the player from his contract with the club.
However another recent ruling has further increased player power.
Andy Webster, a former Heart of Midlothian player, shook the
foundations of football contracts when he walked out on his 4 year
contract with Hearts despite having a year left to run to join Wigan
Athletic. He implemented Article 17 of FIFA regulations which allows
a player aged between 22-28 to unilaterally terminate his contract
as long as he has served 3 years under his existing contract and a
player aged 28+ 2 years or more on his current contract. The caveat
was that the player would be liable to the club for compensation.
However it had been assumed that this would involve an element of
lost profit on the player. But the decision was that compensation
should be based on the level of salary left on the player’s
contract, in Webster’s case £150,000.
Accordingly no matter how long a player’s contract is expressed to
last it will only ever have a maximum protected period of 3 years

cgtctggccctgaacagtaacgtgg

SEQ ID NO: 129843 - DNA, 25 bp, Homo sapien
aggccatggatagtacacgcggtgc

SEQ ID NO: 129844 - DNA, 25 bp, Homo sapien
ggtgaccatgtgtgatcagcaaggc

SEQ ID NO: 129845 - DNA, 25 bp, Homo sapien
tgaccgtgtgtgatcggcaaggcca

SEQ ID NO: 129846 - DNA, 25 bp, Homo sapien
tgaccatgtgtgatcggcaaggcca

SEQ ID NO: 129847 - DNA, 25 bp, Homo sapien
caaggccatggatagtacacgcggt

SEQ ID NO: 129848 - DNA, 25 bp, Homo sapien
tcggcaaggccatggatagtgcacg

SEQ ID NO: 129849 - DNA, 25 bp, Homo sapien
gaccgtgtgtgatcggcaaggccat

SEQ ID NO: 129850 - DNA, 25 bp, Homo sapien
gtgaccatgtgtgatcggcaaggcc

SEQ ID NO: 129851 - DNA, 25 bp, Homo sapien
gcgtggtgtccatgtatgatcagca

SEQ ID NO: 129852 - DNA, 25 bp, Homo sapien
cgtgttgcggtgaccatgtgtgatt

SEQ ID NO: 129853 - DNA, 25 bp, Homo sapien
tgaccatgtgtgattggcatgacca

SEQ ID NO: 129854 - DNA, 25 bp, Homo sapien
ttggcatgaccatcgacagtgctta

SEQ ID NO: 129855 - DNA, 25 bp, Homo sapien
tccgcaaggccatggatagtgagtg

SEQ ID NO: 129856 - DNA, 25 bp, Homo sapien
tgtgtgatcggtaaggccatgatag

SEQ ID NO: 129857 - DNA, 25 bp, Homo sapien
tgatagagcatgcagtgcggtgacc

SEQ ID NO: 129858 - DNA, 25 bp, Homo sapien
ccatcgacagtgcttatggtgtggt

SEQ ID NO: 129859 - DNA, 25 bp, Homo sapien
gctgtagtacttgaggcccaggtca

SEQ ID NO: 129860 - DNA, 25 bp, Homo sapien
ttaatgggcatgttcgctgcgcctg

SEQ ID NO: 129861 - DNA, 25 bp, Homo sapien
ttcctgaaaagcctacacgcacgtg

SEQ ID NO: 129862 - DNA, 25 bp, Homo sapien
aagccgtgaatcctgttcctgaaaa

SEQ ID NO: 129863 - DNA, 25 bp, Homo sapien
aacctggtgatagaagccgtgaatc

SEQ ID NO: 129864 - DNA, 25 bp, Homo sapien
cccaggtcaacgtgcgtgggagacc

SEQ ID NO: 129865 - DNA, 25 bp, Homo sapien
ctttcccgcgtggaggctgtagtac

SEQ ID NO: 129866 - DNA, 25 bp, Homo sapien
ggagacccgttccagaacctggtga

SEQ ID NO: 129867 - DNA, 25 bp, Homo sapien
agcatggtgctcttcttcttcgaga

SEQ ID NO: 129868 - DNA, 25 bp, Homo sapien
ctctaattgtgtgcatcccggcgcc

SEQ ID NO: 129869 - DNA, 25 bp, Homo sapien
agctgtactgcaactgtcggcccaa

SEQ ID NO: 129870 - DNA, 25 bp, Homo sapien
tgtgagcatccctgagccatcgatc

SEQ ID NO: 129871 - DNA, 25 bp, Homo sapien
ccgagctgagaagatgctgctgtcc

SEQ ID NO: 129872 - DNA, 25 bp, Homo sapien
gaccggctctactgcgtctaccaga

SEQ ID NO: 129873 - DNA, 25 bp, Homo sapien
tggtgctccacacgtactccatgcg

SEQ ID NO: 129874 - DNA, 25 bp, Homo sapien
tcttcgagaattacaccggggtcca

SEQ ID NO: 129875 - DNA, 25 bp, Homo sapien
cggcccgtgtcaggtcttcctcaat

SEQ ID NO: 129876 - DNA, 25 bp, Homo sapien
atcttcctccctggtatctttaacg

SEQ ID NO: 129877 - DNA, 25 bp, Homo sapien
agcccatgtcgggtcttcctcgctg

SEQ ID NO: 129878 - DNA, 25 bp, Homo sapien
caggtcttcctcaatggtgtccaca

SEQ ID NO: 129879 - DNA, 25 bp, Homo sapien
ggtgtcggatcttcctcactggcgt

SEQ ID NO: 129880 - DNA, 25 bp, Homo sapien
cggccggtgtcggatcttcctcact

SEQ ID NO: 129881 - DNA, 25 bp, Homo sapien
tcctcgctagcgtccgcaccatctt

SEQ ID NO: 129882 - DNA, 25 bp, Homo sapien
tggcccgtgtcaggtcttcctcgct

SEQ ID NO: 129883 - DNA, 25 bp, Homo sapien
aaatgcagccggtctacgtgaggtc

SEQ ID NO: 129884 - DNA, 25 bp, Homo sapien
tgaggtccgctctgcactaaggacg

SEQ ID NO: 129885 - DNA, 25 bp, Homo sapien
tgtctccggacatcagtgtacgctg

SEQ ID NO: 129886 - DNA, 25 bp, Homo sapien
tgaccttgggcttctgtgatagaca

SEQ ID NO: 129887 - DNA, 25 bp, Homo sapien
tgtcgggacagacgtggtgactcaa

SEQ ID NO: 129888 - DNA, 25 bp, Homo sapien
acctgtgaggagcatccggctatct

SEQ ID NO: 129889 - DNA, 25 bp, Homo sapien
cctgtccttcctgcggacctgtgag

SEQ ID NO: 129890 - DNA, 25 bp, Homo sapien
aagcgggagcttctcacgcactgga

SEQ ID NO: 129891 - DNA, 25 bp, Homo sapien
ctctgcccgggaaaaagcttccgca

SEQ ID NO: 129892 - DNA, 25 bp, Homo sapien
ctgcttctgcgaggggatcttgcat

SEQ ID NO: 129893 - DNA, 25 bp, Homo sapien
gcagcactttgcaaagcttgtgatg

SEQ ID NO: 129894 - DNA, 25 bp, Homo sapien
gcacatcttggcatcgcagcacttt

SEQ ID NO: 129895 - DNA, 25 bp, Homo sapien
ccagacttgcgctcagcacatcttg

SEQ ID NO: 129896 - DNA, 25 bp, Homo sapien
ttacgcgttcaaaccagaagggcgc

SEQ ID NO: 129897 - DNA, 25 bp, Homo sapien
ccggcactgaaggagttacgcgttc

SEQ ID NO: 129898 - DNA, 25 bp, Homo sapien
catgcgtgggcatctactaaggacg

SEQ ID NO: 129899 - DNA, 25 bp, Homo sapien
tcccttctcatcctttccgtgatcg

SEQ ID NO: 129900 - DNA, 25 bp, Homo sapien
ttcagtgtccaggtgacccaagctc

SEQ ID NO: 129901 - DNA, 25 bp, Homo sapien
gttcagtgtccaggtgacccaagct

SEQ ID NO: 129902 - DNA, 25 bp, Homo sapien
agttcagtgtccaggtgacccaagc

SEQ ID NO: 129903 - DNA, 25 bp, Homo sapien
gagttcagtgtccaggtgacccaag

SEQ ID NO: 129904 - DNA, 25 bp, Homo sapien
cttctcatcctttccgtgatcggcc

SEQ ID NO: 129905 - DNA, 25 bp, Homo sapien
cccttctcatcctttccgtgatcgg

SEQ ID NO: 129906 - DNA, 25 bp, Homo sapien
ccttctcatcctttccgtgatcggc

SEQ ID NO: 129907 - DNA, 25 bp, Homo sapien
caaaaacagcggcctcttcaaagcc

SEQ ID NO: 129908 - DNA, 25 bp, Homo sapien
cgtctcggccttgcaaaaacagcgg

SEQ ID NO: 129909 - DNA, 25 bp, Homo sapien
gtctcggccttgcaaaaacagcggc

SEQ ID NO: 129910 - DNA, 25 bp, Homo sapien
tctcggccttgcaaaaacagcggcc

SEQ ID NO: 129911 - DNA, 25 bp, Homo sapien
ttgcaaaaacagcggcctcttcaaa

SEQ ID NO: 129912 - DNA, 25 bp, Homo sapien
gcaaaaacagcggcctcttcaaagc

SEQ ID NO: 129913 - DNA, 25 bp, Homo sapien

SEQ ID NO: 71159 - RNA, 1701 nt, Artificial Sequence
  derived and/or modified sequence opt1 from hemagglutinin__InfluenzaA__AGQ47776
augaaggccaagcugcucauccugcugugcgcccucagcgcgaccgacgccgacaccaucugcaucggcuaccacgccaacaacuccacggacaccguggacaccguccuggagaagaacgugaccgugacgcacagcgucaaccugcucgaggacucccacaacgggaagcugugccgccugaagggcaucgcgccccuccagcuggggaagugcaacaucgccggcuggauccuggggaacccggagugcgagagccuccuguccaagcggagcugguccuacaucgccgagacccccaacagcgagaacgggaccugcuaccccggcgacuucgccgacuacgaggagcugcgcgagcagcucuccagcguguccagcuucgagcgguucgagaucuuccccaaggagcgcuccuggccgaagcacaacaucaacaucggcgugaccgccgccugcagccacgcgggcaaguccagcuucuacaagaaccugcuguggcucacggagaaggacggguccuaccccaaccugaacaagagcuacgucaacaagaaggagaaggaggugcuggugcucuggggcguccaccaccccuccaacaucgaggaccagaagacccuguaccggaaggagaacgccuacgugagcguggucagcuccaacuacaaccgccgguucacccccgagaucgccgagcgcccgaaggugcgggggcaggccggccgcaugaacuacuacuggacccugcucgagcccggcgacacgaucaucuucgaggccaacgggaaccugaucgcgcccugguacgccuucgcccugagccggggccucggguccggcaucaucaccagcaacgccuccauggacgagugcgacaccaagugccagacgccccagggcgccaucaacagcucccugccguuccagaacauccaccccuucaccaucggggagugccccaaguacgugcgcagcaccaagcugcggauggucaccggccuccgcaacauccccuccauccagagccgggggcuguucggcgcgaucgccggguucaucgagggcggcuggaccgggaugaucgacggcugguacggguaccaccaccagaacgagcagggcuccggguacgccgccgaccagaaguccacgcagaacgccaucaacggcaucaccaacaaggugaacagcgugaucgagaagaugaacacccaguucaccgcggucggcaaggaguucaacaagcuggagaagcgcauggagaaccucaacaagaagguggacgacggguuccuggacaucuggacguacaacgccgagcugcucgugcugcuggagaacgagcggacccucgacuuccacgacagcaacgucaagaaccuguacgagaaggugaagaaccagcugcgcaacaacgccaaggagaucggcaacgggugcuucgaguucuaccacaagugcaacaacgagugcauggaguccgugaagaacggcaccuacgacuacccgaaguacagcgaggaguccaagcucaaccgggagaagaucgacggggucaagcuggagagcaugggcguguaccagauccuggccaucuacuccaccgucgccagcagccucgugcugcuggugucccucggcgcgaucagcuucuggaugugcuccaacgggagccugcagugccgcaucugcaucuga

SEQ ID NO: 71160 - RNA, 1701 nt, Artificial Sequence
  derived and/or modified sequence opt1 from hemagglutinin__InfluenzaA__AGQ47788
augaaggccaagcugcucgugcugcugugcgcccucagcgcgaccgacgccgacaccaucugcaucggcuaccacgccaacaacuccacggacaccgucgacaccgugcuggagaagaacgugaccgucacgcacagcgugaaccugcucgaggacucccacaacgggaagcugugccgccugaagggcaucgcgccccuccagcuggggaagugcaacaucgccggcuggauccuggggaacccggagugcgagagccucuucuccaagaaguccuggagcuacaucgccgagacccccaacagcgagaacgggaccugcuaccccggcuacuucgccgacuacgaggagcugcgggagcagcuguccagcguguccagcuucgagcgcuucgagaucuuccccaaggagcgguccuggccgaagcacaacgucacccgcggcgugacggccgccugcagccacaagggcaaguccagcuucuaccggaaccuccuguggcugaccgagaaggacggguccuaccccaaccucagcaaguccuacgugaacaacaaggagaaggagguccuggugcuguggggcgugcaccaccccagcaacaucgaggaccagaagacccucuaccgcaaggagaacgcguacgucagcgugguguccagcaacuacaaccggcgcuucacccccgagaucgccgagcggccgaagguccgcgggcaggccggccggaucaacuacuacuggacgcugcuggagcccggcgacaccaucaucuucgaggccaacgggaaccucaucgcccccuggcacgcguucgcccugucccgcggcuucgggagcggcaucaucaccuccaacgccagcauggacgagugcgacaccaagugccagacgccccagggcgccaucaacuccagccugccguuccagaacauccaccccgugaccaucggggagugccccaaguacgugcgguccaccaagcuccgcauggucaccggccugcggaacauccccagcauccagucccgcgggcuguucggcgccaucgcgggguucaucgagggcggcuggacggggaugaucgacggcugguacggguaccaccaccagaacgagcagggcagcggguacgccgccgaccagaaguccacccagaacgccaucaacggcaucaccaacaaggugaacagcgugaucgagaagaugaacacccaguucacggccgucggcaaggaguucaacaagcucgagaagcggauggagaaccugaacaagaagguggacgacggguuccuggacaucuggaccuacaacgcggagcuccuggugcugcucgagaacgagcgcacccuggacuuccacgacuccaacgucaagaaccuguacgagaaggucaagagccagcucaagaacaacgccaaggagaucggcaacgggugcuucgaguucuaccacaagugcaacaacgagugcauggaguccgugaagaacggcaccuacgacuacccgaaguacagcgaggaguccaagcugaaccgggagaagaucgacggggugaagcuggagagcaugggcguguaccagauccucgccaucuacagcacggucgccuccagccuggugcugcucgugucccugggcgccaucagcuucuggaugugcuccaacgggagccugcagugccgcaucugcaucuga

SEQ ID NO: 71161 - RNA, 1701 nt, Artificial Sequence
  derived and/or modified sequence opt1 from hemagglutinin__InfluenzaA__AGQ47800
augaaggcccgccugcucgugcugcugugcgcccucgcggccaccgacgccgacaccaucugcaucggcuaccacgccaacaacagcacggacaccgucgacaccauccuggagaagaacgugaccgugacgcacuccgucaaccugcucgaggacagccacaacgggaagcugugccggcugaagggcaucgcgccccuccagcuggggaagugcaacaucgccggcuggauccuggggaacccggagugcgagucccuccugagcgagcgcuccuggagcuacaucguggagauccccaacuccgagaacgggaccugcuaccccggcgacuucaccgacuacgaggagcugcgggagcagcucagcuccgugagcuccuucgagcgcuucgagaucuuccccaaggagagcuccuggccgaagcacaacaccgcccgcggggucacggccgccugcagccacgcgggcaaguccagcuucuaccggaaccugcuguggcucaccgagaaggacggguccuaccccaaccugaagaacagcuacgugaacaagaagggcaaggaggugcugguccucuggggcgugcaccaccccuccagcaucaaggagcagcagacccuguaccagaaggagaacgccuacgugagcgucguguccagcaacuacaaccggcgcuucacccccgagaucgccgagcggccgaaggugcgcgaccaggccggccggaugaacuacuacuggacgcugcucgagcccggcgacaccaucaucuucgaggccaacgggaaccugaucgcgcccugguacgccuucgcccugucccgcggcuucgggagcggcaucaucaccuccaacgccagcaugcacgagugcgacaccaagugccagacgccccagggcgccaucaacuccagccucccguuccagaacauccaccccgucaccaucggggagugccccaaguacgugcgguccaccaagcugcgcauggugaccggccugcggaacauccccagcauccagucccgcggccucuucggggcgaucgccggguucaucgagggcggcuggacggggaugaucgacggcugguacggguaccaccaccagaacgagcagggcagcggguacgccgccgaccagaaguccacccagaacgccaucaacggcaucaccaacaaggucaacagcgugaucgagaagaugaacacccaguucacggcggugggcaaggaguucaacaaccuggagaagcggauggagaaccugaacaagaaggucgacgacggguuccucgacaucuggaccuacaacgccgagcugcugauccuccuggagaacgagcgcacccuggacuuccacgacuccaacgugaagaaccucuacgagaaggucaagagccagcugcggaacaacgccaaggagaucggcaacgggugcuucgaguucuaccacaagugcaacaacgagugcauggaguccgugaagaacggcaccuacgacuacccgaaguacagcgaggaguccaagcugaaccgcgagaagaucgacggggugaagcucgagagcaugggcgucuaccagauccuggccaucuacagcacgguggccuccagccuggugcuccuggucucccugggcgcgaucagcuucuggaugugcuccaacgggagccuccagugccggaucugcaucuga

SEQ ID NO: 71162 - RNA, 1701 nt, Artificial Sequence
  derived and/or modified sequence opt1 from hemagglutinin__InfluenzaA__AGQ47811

and so the player’s transfer value will diminish as the player edges
closer to the end of that 3 years. For example, Frank Lampard has
less than one year to run on his contract now. He could walk out on
his contract now and pay compensation to the tune of £4 million
(value of his annual wages) and recoup that swiftly via a signing on
fee with his new club.
The point is that players do seem to hold the cards these days
despite the fact they are employees. Football clubs are run as a
business – they need to be, as the consequences of going into
administration are dire. This means that most clubs do not wish to